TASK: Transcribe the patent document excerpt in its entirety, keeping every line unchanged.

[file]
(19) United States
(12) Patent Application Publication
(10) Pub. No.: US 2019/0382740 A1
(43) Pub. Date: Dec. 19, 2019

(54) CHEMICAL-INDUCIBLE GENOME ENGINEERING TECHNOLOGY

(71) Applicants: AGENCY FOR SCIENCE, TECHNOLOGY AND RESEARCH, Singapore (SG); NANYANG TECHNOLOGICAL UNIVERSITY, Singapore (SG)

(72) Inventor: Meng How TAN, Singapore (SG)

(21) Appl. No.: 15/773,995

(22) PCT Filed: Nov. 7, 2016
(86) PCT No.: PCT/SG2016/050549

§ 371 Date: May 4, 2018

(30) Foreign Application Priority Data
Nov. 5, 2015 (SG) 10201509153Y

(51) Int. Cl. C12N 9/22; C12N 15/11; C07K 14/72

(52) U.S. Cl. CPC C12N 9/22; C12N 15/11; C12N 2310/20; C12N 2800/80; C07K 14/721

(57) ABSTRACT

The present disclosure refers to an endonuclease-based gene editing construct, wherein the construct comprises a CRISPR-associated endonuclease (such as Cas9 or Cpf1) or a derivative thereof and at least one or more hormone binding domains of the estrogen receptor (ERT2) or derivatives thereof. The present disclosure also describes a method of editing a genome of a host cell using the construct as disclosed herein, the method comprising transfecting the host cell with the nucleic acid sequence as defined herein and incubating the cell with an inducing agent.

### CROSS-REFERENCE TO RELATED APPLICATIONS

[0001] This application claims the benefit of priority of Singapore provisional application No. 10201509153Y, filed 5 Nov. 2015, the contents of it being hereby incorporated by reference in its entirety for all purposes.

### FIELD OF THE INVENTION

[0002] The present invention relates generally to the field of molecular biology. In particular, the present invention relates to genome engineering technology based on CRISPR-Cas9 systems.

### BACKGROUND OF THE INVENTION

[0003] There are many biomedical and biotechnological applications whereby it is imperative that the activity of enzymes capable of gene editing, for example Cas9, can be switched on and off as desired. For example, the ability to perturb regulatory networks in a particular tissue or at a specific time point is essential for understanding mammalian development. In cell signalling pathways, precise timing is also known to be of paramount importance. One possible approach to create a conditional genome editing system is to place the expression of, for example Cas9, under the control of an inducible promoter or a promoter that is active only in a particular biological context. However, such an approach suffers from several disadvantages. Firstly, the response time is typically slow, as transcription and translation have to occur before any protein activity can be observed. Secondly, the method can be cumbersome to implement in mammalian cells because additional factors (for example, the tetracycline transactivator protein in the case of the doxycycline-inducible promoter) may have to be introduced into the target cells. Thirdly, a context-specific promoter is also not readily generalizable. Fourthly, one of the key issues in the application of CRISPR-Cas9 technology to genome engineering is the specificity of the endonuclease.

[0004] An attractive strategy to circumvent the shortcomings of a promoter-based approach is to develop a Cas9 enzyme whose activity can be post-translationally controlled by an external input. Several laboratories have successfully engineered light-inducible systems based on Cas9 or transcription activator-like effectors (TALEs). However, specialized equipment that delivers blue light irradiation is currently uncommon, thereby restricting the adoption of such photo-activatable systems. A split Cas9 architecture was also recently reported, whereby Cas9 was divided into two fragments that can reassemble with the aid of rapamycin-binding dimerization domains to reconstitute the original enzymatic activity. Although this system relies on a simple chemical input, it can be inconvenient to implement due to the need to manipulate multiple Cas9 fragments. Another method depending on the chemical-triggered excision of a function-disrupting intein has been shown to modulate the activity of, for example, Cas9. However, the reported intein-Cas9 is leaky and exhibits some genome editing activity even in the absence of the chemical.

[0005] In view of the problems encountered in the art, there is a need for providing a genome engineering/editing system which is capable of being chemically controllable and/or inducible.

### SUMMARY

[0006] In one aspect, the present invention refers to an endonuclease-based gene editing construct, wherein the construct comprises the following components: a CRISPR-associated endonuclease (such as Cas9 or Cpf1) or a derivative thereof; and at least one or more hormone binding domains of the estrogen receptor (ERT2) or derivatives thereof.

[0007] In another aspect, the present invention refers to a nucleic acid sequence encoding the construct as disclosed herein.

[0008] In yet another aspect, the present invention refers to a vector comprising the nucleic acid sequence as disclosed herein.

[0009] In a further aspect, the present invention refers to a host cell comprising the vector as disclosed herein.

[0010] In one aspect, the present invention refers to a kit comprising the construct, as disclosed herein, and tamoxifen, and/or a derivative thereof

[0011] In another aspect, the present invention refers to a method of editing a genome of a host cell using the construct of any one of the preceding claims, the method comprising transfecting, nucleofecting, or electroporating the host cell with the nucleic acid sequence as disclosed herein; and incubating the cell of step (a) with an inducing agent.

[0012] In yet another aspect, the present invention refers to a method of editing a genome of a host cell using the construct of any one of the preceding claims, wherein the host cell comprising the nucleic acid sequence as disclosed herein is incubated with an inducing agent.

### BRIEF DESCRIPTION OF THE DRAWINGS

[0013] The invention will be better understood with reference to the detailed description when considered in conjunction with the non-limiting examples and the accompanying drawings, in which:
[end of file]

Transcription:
(19) United States
(12) Patent Application Publication
(10) Pub. No.: US 2019/0382740 A1
(43) Pub. Date: Dec. 19, 2019

(54) CHEMICAL-INDUCIBLE GENOME ENGINEERING TECHNOLOGY

(71) Applicants: AGENCY FOR SCIENCE, TECHNOLOGY AND RESEARCH, Singapore (SG); NANYANG TECHNOLOGICAL UNIVERSITY, Singapore (SG)

(72) Inventor: Meng How TAN, Singapore (SG)

(21) Appl. No.: 15/773,995

(22) PCT Filed: Nov. 7, 2016
(86) PCT No.: PCT/SG2016/050549

§ 371 Date: May 4, 2018

(30) Foreign Application Priority Data
Nov. 5, 2015 (SG) 10201509153Y

(51) Int. Cl. C12N 9/22; C12N 15/11; C07K 14/72

(52) U.S. Cl. CPC C12N 9/22; C12N 15/11; C12N 2310/20; C12N 2800/80; C07K 14/721

(57) ABSTRACT

The present disclosure refers to an endonuclease-based gene editing construct, wherein the construct comprises a CRISPR-associated endonuclease (such as Cas9 or Cpf1) or a derivative thereof and at least one or more hormone binding domains of the estrogen receptor (ERT2) or derivatives thereof. The present disclosure also describes a method of editing a genome of a host cell using the construct as disclosed herein, the method comprising transfecting the host cell with the nucleic acid sequence as defined herein and incubating the cell with an inducing agent.

### CROSS-REFERENCE TO RELATED APPLICATIONS

[0001] This application claims the benefit of priority of Singapore provisional application No. 10201509153Y, filed 5 Nov. 2015, the contents of it being hereby incorporated by reference in its entirety for all purposes.

### FIELD OF THE INVENTION

[0002] The present invention relates generally to the field of molecular biology. In particular, the present invention relates to genome engineering technology based on CRISPR-Cas9 systems.

### BACKGROUND OF THE INVENTION

[0003] There are many biomedical and biotechnological applications whereby it is imperative that the activity of enzymes capable of gene editing, for example Cas9, can be switched on and off as desired. For example, the ability to perturb regulatory networks in a particular tissue or at a specific time point is essential for understanding mammalian development. In cell signalling pathways, precise timing is also known to be of paramount importance. One possible approach to create a conditional genome editing system is to place the expression of, for example Cas9, under the control of an inducible promoter or a promoter that is active only in a particular biological context. However, such an approach suffers from several disadvantages. Firstly, the response time is typically slow, as transcription and translation have to occur before any protein activity can be observed. Secondly, the method can be cumbersome to implement in mammalian cells because additional factors (for example, the tetracycline transactivator protein in the case of the doxycycline-inducible promoter) may have to be introduced into the target cells. Thirdly, a context-specific promoter is also not readily generalizable. Fourthly, one of the key issues in the application of CRISPR-Cas9 technology to genome engineering is the specificity of the endonuclease.

[0004] An attractive strategy to circumvent the shortcomings of a promoter-based approach is to develop a Cas9 enzyme whose activity can be post-translationally controlled by an external input. Several laboratories have successfully engineered light-inducible systems based on Cas9 or transcription activator-like effectors (TALEs). However, specialized equipment that delivers blue light irradiation is currently uncommon, thereby restricting the adoption of such photo-activatable systems. A split Cas9 architecture was also recently reported, whereby Cas9 was divided into two fragments that can reassemble with the aid of rapamycin-binding dimerization domains to reconstitute the original enzymatic activity. Although this system relies on a simple chemical input, it can be inconvenient to implement due to the need to manipulate multiple Cas9 fragments. Another method depending on the chemical-triggered excision of a function-disrupting intein has been shown to modulate the activity of, for example, Cas9. However, the reported intein-Cas9 is leaky and exhibits some genome editing activity even in the absence of the chemical.

[0005] In view of the problems encountered in the art, there is a need for providing a genome engineering/editing system which is capable of being chemically controllable and/or inducible.

### SUMMARY

[0006] In one aspect, the present invention refers to an endonuclease-based gene editing construct, wherein the construct comprises the following components: a CRISPR-associated endonuclease (such as Cas9 or Cpf1) or a derivative thereof; and at least one or more hormone binding domains of the estrogen receptor (ERT2) or derivatives thereof.

[0007] In another aspect, the present invention refers to a nucleic acid sequence encoding the construct as disclosed herein.

[0008] In yet another aspect, the present invention refers to a vector comprising the nucleic acid sequence as disclosed herein.

[0009] In a further aspect, the present invention refers to a host cell comprising the vector as disclosed herein.

[0010] In one aspect, the present invention refers to a kit comprising the construct, as disclosed herein, and tamoxifen, and/or a derivative thereof

[0011] In another aspect, the present invention refers to a method of editing a genome of a host cell using the construct of any one of the preceding claims, the method comprising transfecting, nucleofecting, or electroporating the host cell with the nucleic acid sequence as disclosed herein; and incubating the cell of step (a) with an inducing agent.

[0012] In yet another aspect, the present invention refers to a method of editing a genome of a host cell using the construct of any one of the preceding claims, wherein the host cell comprising the nucleic acid sequence as disclosed herein is incubated with an inducing agent.

### BRIEF DESCRIPTION OF THE DRAWINGS

[0013] The invention will be better understood with reference to the detailed description when considered in conjunction with the non-limiting examples and the accompanying drawings, in which: